Change in the air for Singapore's pollution index?

PSI does not measure a smaller type of pollutant found in haze
Amresh Gunasingham Straits Times 11 Nov 10;

THERE could be a change in how the haze is measured in Singapore, and it may come as early as next year.

An ongoing review by the authorities could spell the end of the Pollutant Standards Index (PSI) for Singapore, which has been the main indicator of air quality for the past two decades.

The National Environment Agency (NEA) told The Straits Times that it is studying other indexes and the review will be completed by next year.

'We are looking at the types of pollutants they (other calculations) may take into consideration, that the PSI may miss out on,' said Mr Joseph Hui, director-general of the environmental protection division at the statutory board.

The PSI does not measure a smaller type of pollutant found in the haze, the PM2.5, exposure to which may cause heart attacks and other forms of cardiovascular deaths.

The PSI was adopted by the Republic 19 years ago; it was devised by the United States Environmental Protection Agency.

The PSI measures air quality on a scale of 0 to 400. Public health advisories are issued only when a reading exceeds 100, which puts it in the'unhealthy' range.

In 1999, the USswitched to the Air Quality Index (AQI), which also picks up smaller dust-like particles in the air, like PM2.5, as well as emissions from vehicles with diesel and petrol engines.Information on air quality is relayed to the public using a colour-coded scale based on readings that vary from 0 to 500.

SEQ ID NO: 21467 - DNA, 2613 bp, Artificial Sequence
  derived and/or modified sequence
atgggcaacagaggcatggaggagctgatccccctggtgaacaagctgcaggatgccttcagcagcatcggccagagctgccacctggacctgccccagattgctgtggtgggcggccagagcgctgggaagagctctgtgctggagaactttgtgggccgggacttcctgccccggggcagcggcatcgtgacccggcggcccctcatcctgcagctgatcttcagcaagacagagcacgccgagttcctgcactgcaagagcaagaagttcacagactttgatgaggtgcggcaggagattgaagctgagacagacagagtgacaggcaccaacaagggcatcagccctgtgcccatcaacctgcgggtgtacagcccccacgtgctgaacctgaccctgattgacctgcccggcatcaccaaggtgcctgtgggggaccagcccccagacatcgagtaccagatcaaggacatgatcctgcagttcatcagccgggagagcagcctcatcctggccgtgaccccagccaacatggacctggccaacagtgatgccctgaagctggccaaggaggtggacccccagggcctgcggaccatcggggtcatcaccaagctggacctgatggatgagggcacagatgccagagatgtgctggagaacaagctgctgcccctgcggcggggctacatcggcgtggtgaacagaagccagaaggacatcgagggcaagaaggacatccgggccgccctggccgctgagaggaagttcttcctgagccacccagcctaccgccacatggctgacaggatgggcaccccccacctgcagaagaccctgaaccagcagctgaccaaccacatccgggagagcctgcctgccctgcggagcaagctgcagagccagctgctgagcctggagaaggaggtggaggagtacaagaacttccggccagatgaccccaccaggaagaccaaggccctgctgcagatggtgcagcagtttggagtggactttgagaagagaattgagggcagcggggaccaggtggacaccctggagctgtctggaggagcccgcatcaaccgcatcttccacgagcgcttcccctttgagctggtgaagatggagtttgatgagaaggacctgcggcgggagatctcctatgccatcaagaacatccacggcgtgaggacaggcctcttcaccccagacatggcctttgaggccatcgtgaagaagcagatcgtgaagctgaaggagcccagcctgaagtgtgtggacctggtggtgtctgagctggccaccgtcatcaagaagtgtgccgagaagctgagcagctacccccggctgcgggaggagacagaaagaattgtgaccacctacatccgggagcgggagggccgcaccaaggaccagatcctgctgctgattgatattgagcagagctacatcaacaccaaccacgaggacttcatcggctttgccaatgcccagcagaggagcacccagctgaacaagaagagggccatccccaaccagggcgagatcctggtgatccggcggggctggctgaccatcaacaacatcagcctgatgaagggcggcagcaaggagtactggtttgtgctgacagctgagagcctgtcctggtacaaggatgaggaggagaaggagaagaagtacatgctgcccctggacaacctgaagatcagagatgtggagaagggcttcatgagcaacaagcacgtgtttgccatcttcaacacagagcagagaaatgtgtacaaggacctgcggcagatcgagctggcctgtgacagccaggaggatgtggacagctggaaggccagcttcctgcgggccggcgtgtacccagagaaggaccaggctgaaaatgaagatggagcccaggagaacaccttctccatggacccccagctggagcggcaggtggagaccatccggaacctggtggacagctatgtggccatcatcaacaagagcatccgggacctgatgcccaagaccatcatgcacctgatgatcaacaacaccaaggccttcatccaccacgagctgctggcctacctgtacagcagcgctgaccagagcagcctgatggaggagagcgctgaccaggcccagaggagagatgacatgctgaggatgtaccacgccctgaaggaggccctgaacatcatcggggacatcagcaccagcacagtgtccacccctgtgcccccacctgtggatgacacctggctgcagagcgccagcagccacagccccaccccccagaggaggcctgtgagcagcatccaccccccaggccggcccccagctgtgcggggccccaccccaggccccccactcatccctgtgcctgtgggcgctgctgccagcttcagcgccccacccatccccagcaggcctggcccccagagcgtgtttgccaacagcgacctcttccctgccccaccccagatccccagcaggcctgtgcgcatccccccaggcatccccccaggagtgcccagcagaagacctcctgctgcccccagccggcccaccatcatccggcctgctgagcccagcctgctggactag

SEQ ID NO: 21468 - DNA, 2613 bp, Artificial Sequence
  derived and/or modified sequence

There is no international consensus when it comes to air quality indexes. Malaysia, for instance, uses the Air Pollution Index (API) which also measures the PM2.5 levels in the air.

NEA has said the PSI had served Singapore well during haze episodes when it needed to issue public health advisories.

Climate scientists say a switch is timely, given the annual haze episodes, the latest of which struck last month when the air quality crept into the unhealthy range based on the PSI.

When choosing an index, countries have to weigh the risk factors peculiar to them. In Singapore's case, it is the haze, said Assistant Professor Koh Tieh Yong, who teaches at Nanyang Technological University's School of Physical and Mathematical Sciences.

Climatologist Matthias Roth from the National University of Singapore said what is missing with the PSI is the regular reporting of smaller particulate matter such as PM2.5.

'It has been known for a long time that it can be harmful. A better measure of the detrimental effects on health will be in line with the present focus of research,' he said.

NEA's Mr Hui said that if the agency adopts a new index, it will make sure it is easy for the public to understand. 'The public has been used to the PSI all these years, so with any new measurement, they must be able to correlate.'

Indexes measure different particles
Straits Times 11 Nov 10;

AIR quality indexes generally measure the amount of five known pollutants: sulphur dioxide, nitrogen dioxide, carbon monoxide, ozone and particulate matter.

But they differ in the types and sizes of particles they measure.

'The interpretation would be that if indexes measure different things, then the corresponding health effects will also differ,' said climate scientist Koh Tieh Yong of Nanyang Technological University.

Health experts have linked exposure to PM2.5, a pollutant that is 30 times thinner than the width of a human hair, to heart attacks and other forms of cardiovascular deaths. It can penetrate deeper into the lungs and carry more concentrated toxic substances, such as metals and endotoxins, compared to PM10, which is larger.

The National Environment Agency monitors PM2.5 levels through 11 weather stations across the island, although this information is not made available to the public on its website daily.

Instead, the agency gives a yearly average reading, which is found in its annual report.